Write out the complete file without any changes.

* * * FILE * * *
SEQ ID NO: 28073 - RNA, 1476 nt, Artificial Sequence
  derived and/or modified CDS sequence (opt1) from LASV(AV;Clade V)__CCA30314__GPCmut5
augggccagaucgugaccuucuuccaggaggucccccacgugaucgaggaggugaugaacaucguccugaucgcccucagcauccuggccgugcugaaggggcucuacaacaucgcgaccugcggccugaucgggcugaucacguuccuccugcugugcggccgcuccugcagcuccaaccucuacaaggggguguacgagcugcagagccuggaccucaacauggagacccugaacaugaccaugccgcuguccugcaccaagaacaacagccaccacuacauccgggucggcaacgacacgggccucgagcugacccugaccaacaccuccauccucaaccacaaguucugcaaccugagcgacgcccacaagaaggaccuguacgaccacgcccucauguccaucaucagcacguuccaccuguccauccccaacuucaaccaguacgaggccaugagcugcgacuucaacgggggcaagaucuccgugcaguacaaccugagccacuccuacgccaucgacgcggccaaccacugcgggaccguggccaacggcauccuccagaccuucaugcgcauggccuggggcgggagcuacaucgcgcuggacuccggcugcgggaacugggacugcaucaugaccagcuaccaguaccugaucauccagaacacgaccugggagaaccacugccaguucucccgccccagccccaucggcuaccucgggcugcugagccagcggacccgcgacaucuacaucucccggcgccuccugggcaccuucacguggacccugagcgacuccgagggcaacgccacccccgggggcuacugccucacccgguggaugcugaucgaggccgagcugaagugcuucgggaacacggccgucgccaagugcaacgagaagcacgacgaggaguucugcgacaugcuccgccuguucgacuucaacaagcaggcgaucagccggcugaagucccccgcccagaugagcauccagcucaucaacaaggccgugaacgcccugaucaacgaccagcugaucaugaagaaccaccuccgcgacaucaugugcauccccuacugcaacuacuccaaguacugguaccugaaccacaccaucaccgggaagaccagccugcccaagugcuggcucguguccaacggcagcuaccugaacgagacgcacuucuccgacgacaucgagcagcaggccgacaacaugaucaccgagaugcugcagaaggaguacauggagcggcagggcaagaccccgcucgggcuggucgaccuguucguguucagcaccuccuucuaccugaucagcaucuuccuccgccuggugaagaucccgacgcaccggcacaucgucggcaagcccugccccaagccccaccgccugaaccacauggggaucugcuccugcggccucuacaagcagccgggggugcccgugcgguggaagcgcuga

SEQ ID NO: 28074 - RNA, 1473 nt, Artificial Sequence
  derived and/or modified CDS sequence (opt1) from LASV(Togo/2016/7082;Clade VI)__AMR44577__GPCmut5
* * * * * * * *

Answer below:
SEQ ID NO: 28073 - RNA, 1476 nt, Artificial Sequence
  derived and/or modified CDS sequence (opt1) from LASV(AV;Clade V)__CCA30314__GPCmut5
augggccagaucgugaccuucuuccaggaggucccccacgugaucgaggaggugaugaacaucguccugaucgcccucagcauccuggccgugcugaaggggcucuacaacaucgcgaccugcggccugaucgggcugaucacguuccuccugcugugcggccgcuccugcagcuccaaccucuacaaggggguguacgagcugcagagccuggaccucaacauggagacccugaacaugaccaugccgcuguccugcaccaagaacaacagccaccacuacauccgggucggcaacgacacgggccucgagcugacccugaccaacaccuccauccucaaccacaaguucugcaaccugagcgacgcccacaagaaggaccuguacgaccacgcccucauguccaucaucagcacguuccaccuguccauccccaacuucaaccaguacgaggccaugagcugcgacuucaacgggggcaagaucuccgugcaguacaaccugagccacuccuacgccaucgacgcggccaaccacugcgggaccguggccaacggcauccuccagaccuucaugcgcauggccuggggcgggagcuacaucgcgcuggacuccggcugcgggaacugggacugcaucaugaccagcuaccaguaccugaucauccagaacacgaccugggagaaccacugccaguucucccgccccagccccaucggcuaccucgggcugcugagccagcggacccgcgacaucuacaucucccggcgccuccugggcaccuucacguggacccugagcgacuccgagggcaacgccacccccgggggcuacugccucacccgguggaugcugaucgaggccgagcugaagugcuucgggaacacggccgucgccaagugcaacgagaagcacgacgaggaguucugcgacaugcuccgccuguucgacuucaacaagcaggcgaucagccggcugaagucccccgcccagaugagcauccagcucaucaacaaggccgugaacgcccugaucaacgaccagcugaucaugaagaaccaccuccgcgacaucaugugcauccccuacugcaacuacuccaaguacugguaccugaaccacaccaucaccgggaagaccagccugcccaagugcuggcucguguccaacggcagcuaccugaacgagacgcacuucuccgacgacaucgagcagcaggccgacaacaugaucaccgagaugcugcagaaggaguacauggagcggcagggcaagaccccgcucgggcuggucgaccuguucguguucagcaccuccuucuaccugaucagcaucuuccuccgccuggugaagaucccgacgcaccggcacaucgucggcaagcccugccccaagccccaccgccugaaccacauggggaucugcuccugcggccucuacaagcagccgggggugcccgugcgguggaagcgcuga

SEQ ID NO: 28074 - RNA, 1473 nt, Artificial Sequence
  derived and/or modified CDS sequence (opt1) from LASV(Togo/2016/7082;Clade VI)__AMR44577__GPCmut5